Located in the Fine Arts Center (Southview), the Fine Arts Gallery hosts a variety of exhibits from community and student artists.
Fine Art Exhibit
New Art Exhibit Features Artist Stephanie Copoulos-Selle:
"Migration of the "Seapirs" from Florida to Cuba"
September 1st - October 17th
Ancient man created hybrid creatures. They used the best attributes of various animals to create a super creature. For example, the sphinx was an eagle, human, and lion. Stephanie Copoulos-Selle has combined the sea turtle and tapir to create a fantasy underwater creature called the “seapir”. This installation depicts the creatures on an imaginary migration from Florida to the Cuba. During their migration they travel through the “starfish narrows”, a “fishy spring”, and the “seamen straights” (combination seahorse and man). They continue through “narth alley” (combination Narwall and moth) and finally reach “lady crab reef” (ladybug and crab).
Installation materials: twelve panels of relief prints, and acrylic paint on nylon, two panels of screenprints on cotton, relief print on rice paper, and shells.
About the Artist
Stephanie Copoulos-Selle is an Emeritus Professor of art at the University of Wisconsin-Waukesha. She received her MFA from the University of Wisconsin-Milwaukee. Her work has been exhibited nationally and internationally. It is included in collections of: Library of Congress, Yale University, Otis College of Art and Design, University of Washington, School of the Chicago Art Institute, Indiana University, Mills College, Quad Graphics and others. In 2008 she was awarded a Women’s Studio Workshop Grant and Artist’s Book Residency. She works in three mediums, artist’s books, prints, and paintings. Her work, “Time Wall”, is currently on display in a permanent installation on the north wall of the Waukesha Public Library.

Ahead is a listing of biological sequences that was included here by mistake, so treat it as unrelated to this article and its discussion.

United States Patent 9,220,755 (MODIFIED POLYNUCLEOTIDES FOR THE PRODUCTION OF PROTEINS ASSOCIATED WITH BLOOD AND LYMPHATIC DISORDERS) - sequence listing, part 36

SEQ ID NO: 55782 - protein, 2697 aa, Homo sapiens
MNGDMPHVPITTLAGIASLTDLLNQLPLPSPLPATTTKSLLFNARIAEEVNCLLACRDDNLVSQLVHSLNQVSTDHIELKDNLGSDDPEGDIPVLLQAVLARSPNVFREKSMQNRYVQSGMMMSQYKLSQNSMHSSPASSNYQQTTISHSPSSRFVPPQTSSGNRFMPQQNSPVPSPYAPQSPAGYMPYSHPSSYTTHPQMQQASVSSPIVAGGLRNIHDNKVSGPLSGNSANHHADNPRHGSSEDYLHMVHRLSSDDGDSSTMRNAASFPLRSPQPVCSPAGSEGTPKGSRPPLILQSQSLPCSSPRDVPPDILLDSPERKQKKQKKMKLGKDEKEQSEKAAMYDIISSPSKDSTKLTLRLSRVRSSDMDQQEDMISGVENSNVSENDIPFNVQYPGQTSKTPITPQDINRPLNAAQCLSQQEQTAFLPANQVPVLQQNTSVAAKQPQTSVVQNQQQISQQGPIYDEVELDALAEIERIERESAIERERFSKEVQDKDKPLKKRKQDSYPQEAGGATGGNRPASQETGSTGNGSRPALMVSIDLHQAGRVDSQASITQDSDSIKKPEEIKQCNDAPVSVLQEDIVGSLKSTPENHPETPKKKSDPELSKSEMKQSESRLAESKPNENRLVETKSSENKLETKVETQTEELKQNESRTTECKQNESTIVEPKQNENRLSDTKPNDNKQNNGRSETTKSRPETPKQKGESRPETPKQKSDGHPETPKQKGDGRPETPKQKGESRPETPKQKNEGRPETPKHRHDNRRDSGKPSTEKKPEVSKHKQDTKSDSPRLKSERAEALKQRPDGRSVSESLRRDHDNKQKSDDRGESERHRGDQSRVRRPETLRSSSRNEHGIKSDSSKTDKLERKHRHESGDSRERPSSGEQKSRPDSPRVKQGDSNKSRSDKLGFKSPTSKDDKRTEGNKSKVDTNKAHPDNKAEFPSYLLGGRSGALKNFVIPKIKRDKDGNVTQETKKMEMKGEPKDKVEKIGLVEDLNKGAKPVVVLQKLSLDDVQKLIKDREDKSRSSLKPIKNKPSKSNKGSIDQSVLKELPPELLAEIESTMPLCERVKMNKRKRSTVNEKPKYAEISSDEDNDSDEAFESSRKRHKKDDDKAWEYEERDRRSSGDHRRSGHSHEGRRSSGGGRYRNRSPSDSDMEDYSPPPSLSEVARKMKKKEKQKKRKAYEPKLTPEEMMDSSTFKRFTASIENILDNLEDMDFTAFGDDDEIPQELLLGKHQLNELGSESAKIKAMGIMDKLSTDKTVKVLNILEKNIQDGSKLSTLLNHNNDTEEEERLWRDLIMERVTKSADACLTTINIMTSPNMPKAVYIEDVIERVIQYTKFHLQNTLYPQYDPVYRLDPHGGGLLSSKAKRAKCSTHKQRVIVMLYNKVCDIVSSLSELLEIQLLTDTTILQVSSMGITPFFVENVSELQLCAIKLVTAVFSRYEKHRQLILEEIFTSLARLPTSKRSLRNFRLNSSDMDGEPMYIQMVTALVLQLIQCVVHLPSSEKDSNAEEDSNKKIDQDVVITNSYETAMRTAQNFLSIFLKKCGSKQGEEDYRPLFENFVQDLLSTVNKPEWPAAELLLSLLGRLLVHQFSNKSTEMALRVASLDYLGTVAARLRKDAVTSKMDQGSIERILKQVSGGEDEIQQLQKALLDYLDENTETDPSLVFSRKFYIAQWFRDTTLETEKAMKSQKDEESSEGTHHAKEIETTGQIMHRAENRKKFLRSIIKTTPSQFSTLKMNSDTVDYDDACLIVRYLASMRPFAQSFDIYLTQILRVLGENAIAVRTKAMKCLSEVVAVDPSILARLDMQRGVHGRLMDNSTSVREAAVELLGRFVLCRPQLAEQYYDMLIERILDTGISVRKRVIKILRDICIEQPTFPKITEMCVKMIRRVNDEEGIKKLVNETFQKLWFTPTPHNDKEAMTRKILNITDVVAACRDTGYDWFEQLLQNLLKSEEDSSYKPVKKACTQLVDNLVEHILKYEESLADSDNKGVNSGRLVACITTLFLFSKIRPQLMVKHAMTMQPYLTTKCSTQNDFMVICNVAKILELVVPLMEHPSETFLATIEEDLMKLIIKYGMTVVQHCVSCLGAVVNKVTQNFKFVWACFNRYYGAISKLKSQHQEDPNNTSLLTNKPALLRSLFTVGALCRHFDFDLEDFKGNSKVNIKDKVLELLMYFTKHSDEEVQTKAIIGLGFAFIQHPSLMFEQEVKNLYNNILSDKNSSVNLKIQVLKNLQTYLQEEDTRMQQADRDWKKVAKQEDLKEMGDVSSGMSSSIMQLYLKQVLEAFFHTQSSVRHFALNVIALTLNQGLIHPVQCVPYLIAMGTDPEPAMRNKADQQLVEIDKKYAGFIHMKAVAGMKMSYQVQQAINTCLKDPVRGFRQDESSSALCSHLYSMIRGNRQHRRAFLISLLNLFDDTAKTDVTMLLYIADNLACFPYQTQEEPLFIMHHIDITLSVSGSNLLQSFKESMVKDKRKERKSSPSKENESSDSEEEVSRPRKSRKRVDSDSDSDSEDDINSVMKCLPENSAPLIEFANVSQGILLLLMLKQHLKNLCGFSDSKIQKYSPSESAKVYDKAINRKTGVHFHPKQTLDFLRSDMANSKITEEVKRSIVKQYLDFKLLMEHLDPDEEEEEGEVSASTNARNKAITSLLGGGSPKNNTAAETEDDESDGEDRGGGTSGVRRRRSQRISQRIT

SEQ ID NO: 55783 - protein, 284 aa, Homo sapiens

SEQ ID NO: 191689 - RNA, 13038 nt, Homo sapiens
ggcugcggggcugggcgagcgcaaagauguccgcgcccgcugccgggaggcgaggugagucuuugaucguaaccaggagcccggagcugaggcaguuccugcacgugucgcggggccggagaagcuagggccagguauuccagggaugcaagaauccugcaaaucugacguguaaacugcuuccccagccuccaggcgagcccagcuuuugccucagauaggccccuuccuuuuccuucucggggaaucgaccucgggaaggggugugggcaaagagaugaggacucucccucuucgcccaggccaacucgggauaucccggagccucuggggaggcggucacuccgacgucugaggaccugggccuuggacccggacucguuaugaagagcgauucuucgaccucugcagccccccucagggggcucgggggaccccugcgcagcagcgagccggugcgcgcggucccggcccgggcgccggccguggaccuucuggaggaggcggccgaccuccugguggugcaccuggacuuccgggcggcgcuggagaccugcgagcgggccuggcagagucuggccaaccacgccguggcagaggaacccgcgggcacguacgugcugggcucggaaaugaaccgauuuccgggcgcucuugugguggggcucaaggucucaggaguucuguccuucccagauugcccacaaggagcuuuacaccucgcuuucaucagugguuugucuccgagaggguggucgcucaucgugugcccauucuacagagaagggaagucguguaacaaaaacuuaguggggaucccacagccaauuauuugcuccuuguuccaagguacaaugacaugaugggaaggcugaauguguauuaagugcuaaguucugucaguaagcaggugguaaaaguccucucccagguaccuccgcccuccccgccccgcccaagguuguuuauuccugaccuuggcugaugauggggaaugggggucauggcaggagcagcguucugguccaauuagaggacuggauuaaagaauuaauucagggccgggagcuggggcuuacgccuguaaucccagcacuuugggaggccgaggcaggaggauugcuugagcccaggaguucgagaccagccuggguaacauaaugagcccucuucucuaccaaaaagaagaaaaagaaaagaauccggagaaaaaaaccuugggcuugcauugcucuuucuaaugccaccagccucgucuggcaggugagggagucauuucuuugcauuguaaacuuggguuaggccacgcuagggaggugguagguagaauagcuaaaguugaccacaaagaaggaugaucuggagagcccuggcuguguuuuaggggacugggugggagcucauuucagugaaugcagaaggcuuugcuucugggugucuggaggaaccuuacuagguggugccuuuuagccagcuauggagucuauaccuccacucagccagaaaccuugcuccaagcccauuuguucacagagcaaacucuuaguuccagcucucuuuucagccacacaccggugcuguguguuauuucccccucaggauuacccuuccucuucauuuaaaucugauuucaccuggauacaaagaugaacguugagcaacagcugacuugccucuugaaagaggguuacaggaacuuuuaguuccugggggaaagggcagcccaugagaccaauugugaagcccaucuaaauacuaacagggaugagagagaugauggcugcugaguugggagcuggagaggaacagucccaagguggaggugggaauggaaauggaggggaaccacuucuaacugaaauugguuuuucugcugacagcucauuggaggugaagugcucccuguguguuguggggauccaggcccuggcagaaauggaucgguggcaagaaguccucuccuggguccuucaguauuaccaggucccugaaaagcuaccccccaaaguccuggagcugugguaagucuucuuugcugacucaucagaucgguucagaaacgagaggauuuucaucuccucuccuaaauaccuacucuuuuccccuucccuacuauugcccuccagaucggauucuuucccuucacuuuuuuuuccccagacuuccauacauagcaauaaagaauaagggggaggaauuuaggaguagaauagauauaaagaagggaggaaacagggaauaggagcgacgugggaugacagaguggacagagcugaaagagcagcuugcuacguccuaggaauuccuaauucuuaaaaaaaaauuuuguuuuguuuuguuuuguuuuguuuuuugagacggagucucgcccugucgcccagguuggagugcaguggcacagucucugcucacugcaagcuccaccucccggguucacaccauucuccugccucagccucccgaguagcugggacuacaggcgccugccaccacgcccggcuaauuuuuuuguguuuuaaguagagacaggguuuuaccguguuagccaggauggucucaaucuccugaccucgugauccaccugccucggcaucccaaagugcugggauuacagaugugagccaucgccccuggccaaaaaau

Stephanie Copoulos-Selle’s installation is on exhibition at the University of Wisconsin-Waukesha’s Fine Arts Gallery. It is entitled, “Migration of the “Seapirs” from Florida to Cuba”. She has combined the sea turtle and tapir to create a fantasy underwater creature called the “seapir”. The underwater environment is created through twelve eight foot fabric panels printed with woodblocks. Viewers are encouraged to walk inside the installation and view the “seapir’s” progress on its journey.